While attending a recent meeting of the state oard, nail tech Jennifer Brickl was struck by the fact that techs in her state have no representation on the board.
While attending a recent meeting of the Wisconsin State Board, nail tech Jennifer Brickl was struck by the fact that techs in her state have no representation on the board. “They didn’t even know the terminology for the services we provide and these are the people making the rules for our profession,” she says “Their hearts are in the right place, but we need a nail tech on the board or increased involvement at the meetings. Her solution, start a statewide association.
The newly founded Wisconsin Nail Tech Association has several areas of focus providing education, weighing in on regulatory issues, and bridging the cultural and language gaps in the industry. “Some of the comments at the meeting were directed toward Asian salons, but there were no Asian nail techs there,” recalls Brickl. “Certain groups must no feel a part of the process. I’d like to change that by reaching out to all ethnicities.”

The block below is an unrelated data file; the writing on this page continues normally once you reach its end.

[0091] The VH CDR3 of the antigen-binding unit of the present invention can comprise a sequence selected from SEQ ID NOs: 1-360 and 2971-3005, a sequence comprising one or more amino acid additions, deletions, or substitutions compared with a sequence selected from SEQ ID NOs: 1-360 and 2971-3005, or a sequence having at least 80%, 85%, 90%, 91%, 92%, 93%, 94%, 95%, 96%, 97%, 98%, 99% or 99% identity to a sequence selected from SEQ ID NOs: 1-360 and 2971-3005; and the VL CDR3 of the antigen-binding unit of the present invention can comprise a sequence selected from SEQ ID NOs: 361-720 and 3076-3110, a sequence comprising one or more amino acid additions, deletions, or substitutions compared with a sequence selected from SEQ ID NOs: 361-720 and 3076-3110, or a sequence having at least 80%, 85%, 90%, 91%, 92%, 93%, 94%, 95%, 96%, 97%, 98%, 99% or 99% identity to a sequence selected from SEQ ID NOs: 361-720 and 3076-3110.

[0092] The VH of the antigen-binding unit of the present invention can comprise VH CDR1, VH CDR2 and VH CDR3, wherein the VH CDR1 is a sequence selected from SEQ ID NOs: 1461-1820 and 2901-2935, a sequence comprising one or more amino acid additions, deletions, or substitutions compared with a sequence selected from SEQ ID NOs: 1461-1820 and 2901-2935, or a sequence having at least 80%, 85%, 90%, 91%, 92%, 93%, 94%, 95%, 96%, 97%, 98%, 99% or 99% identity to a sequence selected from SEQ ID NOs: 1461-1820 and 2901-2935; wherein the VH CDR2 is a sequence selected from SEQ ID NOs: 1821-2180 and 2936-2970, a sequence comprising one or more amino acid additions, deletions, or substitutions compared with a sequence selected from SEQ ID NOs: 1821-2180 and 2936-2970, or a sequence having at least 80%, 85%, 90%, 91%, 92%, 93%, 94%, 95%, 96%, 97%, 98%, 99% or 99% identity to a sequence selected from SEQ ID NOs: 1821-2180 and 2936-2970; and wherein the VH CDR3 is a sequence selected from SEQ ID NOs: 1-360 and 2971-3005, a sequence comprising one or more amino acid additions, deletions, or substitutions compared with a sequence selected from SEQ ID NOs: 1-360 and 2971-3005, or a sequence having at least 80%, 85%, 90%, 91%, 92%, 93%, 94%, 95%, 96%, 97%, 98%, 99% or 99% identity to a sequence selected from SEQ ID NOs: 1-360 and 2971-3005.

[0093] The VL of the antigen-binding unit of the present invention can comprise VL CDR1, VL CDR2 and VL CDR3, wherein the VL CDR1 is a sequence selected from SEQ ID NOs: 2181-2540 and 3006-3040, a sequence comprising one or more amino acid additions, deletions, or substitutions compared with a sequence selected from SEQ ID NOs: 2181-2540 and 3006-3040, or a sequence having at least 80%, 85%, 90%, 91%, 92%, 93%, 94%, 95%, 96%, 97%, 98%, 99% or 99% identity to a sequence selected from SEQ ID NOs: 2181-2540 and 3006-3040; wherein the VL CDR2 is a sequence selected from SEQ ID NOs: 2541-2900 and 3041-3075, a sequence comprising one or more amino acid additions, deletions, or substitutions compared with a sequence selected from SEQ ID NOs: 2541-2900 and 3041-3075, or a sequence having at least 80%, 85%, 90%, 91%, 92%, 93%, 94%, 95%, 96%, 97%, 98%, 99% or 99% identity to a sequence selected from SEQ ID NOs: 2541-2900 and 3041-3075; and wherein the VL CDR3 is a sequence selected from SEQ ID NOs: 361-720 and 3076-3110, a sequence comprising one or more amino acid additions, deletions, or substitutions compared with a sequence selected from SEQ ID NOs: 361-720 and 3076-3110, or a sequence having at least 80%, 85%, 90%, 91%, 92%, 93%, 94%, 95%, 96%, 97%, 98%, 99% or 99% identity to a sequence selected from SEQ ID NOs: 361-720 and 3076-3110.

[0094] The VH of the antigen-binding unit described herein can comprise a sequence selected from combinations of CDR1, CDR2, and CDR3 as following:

On the legislative front, the first issue on the agenda has to do with waxing. “As of Dec 1, 2006 the board gave nail techs the ability to wax hands and feet, but we must have eight hours of training and get a certificate to legally perform and charge for these services,” Brickl says. “The catch is that none of the schools I contacted in Madison are offering this class and the board will not allow us to get this training at a trade show or supply house.”